Author Topic: Blue Origin's New Glenn Payload/Capsule Speculation  (Read 18910 times)

Offline edkyle99

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Re: Blue Origin's New Glenn Payload/Capsule Speculation
« Reply #20 on: 09/14/2016 01:49 AM »
So Robert Zubrin quickly tweeted this after Blue's announcement:
[...]

So he's saying the regular 2-stage New Glenn will send 70 tons to LEO, and the 3-stage version will send just over 20 tons to Trans-Mars Injection.


And I'm not sure he takes into account the margins needed for reusability. (at least there is no mention of it) I suspect his numbers are on the optimistic side, but I haven't run any numbers myself.
Seems very optimistic to me.  ULA says the ISP of BE-4 will not quite reach RD-180 levels, which are 311 at sea level and 338 in vacuum.  Zubrin is using numbers that are much higher, so the payload will be quite a bit lower if the ULA numbers are correct - and since they are designing a rocket around the engine, surely they have realistic numbers.
I agree.  I'm guesstimating 40-45 tonnes LEO (2 stage) and up to 25 tonnes GTO (3 stage) for New Glenn, making it Falcon Heavy class.

 - Ed Kyle
« Last Edit: 09/14/2016 01:50 AM by edkyle99 »

Offline GWH

I'm guesstimating 40-45 tonnes LEO (2 stage) and up to 25 tonnes GTO (3 stage) for New Glenn, making it Falcon Heavy class.

 - Ed Kyle

Fully expendable or with booster reuse margins?

Online Robotbeat

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Re: Blue Origin's New Glenn Payload/Capsule Speculation
« Reply #22 on: 09/14/2016 03:06 AM »
The 3-stager should be able to put a Dragon or CST-100 or whatever around the Moon. Orion will need dual-launch, though.
Chris  Whoever loves correction loves knowledge, but he who hates reproof is stupid.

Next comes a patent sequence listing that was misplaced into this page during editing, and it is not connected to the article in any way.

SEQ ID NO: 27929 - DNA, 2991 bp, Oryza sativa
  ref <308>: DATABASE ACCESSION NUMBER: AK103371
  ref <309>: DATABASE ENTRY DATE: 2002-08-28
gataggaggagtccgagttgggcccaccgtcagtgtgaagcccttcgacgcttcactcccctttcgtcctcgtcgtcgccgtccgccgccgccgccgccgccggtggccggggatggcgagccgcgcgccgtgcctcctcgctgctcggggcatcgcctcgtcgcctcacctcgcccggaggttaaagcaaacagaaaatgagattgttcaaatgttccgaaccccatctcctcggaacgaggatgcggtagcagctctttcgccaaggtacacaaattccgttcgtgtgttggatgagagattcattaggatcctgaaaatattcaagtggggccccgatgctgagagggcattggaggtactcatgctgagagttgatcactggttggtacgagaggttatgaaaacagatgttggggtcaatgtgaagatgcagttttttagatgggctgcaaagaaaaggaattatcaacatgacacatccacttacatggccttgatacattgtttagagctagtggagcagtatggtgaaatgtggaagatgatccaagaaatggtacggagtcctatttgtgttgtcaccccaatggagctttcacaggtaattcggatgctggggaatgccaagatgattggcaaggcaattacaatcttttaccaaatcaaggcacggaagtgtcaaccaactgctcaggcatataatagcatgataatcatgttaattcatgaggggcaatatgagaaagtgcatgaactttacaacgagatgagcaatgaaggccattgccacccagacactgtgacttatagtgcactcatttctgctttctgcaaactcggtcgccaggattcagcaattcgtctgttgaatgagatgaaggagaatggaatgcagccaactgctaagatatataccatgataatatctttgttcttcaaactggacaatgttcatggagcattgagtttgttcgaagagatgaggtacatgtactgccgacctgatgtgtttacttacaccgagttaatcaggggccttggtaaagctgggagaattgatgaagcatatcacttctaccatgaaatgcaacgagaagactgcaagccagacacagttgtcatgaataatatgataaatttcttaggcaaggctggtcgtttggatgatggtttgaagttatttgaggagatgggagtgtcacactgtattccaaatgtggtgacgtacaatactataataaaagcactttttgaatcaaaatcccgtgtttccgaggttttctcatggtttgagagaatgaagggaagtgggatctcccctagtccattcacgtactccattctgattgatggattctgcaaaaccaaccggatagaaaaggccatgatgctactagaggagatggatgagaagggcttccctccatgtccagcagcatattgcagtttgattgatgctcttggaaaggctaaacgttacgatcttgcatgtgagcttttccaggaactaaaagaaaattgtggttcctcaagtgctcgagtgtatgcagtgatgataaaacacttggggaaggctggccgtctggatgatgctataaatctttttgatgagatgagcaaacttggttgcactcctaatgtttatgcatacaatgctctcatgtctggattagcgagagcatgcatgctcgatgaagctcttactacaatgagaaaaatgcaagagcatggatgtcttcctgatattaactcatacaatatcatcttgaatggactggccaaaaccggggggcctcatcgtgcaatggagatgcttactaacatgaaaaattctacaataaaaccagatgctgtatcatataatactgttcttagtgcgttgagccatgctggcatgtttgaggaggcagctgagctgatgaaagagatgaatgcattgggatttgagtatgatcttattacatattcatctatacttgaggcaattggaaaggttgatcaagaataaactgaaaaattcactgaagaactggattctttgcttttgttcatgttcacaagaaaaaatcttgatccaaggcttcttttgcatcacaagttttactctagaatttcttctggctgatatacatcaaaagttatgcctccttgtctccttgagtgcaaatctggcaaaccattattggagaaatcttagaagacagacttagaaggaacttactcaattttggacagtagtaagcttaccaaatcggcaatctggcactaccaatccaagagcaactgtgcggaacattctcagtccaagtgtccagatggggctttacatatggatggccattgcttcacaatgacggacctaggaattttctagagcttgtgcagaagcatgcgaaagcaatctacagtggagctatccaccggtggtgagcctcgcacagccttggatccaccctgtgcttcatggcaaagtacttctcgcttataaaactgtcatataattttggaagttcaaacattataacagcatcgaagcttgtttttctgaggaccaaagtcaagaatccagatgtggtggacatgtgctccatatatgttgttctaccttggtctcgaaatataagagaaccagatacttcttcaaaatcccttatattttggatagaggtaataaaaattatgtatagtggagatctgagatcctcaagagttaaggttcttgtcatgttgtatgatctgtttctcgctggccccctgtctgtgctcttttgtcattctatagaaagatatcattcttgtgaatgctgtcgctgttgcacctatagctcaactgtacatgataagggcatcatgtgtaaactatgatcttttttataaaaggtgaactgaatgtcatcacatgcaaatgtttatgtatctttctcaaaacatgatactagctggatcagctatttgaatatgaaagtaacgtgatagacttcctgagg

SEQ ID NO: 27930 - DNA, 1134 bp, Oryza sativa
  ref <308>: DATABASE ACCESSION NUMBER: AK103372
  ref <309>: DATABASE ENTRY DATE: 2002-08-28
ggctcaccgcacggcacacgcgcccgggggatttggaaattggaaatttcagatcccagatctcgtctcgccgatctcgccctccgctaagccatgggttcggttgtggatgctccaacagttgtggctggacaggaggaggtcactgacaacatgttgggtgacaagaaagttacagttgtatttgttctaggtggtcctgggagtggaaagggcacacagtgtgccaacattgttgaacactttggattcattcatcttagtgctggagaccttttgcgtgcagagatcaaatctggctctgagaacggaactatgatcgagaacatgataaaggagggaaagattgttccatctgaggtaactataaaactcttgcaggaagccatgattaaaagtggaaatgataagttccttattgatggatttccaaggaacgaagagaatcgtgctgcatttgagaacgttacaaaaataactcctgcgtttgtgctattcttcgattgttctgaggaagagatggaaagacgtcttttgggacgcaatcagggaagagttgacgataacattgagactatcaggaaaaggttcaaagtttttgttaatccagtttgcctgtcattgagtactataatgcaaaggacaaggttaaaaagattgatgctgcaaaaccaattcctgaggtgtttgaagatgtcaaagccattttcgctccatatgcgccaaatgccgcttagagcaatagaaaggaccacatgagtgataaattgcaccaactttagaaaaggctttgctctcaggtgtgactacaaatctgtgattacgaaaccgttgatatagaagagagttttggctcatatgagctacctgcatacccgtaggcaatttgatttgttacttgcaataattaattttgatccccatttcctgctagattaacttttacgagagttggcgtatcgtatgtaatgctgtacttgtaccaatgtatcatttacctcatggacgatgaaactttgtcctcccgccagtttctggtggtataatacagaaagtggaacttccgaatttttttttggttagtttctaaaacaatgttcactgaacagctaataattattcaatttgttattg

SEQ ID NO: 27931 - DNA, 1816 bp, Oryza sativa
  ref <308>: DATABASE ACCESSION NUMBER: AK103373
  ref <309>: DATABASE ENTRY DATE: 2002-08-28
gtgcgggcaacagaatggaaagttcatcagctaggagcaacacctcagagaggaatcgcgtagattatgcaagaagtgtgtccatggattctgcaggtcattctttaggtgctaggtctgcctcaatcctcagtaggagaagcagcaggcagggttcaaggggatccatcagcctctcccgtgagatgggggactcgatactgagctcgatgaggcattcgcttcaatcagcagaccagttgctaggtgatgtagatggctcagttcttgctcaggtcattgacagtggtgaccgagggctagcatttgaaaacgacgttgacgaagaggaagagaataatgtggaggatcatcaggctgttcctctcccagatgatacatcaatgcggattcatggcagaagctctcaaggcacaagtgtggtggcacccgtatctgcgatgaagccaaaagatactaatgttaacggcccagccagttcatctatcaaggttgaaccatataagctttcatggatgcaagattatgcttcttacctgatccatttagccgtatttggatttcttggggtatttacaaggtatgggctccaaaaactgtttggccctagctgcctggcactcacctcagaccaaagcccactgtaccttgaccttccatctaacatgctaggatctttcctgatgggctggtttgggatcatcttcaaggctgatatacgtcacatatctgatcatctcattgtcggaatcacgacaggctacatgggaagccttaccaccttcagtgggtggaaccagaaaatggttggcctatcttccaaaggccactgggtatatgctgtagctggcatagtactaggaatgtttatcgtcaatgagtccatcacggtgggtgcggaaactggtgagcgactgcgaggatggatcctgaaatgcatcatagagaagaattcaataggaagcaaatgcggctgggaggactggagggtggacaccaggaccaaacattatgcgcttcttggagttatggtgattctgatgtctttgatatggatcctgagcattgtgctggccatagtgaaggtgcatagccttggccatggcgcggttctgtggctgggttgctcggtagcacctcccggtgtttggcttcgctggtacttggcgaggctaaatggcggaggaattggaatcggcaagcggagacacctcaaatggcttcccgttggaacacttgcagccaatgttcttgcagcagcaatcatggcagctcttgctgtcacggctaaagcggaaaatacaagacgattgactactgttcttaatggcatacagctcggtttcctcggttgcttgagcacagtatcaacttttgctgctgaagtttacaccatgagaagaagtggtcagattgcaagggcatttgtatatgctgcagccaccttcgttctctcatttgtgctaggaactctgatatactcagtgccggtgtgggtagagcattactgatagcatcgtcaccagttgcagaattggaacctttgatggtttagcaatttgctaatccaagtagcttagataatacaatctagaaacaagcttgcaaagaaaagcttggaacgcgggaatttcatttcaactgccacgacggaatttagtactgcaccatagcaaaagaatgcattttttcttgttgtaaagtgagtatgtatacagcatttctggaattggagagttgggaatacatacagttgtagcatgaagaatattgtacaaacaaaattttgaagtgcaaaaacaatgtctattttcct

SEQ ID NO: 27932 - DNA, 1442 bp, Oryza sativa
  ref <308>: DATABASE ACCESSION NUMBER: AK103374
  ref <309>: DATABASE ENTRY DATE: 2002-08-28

To the maximum extent practicable, the Federal Government shall plan missions to accommodate the space transportation services capabilities of United States commercial providers. US law http://goo.gl/YZYNt0

Offline ArbitraryConstant

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Re: Blue Origin's New Glenn Payload/Capsule Speculation
« Reply #23 on: 09/14/2016 03:20 AM »
I agree.  I'm guesstimating 40-45 tonnes LEO (2 stage) and up to 25 tonnes GTO (3 stage) for New Glenn, making it Falcon Heavy class.
I am curious what you think the 2 stage GTO number would be. Or 3 stage direct injection (assuming for the sake of argument it would have the lifetime for it).

Offline GWH

Thinking more on this I think they will go with #3.
Start flying passengers with a station module  and "transit hab" underneath to start building out a LEO station.  Of course this is a massive step up from simply flying tourists in an LEO capsule in a smaller rocket- but the potential in that market is already limited with Dragon & Starliner should anyone choose to persue those.
So a 7m module based off the New Glenn tooling, the preliminary images of Blue Origin's biconic capsule would work well with that with it's rearward docking port not requiring re-docking on orbit to access the modules when used in transit.  Allows Blue Origin to start building up LEO infrastructure immediately while paying tourists cover a portion of the launch costs and ops.

Co manifesting payloads in a cargo module underneath the capsule could also be an option with fast transits to a Blue Origin station, but here a system of in space tugs would be required (enter ULA & ACES).  And yes I think transporting propellant to LEO will be a major element of their business model.